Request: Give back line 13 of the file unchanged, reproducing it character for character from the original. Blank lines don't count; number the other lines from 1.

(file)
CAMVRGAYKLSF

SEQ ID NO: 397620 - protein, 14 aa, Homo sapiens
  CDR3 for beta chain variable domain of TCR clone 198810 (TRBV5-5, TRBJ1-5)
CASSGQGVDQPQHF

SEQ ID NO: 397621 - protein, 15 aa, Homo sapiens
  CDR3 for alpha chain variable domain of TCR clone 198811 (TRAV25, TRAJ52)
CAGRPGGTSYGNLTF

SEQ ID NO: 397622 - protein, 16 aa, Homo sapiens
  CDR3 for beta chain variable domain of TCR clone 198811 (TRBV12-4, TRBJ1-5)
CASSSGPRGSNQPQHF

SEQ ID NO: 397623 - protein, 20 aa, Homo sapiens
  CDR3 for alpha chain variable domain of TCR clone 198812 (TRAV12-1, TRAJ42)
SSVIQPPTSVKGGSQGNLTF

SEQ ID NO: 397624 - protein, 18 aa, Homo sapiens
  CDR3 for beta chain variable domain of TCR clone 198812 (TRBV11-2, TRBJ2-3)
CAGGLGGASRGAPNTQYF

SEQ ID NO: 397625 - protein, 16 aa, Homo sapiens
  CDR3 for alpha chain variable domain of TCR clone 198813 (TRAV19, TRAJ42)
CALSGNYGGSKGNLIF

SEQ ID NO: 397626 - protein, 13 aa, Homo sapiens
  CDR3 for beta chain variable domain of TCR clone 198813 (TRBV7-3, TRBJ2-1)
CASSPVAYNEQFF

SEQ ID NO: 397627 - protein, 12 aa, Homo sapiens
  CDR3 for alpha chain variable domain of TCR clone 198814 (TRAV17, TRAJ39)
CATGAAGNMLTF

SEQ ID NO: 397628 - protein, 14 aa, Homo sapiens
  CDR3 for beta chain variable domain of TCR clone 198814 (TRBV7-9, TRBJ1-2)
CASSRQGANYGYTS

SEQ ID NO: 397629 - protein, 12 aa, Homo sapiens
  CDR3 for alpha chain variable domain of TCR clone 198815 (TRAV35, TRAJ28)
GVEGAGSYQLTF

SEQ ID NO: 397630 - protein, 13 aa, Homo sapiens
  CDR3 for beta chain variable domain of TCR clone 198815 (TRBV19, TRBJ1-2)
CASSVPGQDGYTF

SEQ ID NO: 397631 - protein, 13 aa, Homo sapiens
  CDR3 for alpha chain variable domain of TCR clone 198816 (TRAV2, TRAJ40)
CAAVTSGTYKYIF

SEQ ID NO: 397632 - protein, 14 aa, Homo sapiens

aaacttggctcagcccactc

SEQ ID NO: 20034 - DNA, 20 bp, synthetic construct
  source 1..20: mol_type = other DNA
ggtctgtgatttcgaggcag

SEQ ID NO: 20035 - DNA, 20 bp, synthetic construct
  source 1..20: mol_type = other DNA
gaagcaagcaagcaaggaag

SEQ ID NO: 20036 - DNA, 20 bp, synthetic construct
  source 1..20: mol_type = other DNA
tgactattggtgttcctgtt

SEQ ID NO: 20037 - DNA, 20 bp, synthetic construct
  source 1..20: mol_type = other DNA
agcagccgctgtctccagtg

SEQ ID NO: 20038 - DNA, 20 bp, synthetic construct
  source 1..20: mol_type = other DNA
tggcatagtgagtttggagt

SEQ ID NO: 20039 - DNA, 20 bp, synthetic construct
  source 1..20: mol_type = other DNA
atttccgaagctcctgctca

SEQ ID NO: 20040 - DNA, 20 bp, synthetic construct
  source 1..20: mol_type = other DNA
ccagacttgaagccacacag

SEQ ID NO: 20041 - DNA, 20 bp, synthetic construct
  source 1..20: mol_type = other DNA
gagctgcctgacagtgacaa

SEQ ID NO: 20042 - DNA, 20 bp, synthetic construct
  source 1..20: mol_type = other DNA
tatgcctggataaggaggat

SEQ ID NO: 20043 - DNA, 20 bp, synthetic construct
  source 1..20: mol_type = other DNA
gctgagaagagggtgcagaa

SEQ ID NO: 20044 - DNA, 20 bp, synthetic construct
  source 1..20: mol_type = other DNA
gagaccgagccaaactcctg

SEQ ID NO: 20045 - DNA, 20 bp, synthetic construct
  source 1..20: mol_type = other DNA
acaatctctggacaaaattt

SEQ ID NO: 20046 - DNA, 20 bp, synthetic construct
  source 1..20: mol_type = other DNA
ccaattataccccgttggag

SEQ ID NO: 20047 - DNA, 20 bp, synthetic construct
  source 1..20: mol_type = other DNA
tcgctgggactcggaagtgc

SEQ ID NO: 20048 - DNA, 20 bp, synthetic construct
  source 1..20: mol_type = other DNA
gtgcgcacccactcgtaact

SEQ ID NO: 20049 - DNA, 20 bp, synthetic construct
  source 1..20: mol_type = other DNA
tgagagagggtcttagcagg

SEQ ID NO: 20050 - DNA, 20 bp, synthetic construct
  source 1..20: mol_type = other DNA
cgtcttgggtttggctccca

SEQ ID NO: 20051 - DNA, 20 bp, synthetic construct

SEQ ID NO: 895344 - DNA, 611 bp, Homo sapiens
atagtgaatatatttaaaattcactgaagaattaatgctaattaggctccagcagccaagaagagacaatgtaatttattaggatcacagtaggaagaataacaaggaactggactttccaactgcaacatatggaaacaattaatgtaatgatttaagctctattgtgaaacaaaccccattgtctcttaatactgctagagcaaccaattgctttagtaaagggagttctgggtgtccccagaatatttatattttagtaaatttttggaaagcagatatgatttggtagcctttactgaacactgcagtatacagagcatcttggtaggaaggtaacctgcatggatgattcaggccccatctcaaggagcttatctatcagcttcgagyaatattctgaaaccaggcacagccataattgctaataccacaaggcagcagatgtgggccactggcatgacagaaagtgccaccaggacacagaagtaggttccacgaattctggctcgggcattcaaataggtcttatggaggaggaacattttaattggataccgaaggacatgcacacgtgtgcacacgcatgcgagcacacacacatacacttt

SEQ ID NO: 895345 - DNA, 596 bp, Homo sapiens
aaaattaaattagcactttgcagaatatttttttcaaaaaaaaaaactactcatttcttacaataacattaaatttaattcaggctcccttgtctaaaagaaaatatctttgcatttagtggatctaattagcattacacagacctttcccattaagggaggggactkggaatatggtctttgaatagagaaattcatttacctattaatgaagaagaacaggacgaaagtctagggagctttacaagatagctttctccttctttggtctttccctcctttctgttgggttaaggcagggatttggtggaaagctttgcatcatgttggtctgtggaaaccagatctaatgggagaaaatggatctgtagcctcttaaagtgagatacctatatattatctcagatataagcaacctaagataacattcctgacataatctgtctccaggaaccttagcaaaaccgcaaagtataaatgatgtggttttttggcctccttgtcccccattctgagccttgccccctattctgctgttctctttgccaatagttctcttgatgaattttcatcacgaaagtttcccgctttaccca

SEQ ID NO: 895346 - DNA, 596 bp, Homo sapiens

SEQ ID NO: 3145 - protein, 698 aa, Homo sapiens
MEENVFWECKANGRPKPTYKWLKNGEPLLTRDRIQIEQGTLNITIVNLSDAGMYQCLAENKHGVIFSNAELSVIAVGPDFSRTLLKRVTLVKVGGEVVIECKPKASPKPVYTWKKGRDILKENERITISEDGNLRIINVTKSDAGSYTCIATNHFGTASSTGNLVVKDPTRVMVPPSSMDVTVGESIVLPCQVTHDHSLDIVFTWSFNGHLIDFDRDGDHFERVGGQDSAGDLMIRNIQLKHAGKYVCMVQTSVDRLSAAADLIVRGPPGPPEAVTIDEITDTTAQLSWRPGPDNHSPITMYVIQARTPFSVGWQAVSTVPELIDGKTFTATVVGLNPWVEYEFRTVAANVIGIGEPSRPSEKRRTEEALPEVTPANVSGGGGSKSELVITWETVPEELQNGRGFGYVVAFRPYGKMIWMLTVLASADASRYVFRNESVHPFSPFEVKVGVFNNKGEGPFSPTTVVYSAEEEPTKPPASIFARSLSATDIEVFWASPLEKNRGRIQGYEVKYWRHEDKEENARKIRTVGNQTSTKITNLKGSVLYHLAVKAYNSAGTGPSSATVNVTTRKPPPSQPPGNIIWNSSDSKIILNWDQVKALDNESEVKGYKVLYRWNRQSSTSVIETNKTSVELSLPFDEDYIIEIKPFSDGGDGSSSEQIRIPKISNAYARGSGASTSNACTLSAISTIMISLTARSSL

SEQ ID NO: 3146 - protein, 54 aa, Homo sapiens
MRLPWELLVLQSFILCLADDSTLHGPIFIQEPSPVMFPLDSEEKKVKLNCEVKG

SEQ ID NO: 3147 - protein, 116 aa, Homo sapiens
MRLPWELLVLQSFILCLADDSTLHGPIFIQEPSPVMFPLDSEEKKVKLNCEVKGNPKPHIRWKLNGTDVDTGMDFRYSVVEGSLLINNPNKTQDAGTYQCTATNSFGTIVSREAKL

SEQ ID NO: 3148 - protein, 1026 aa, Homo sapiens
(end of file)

SSVIQPPTSVKGGSQGNLTF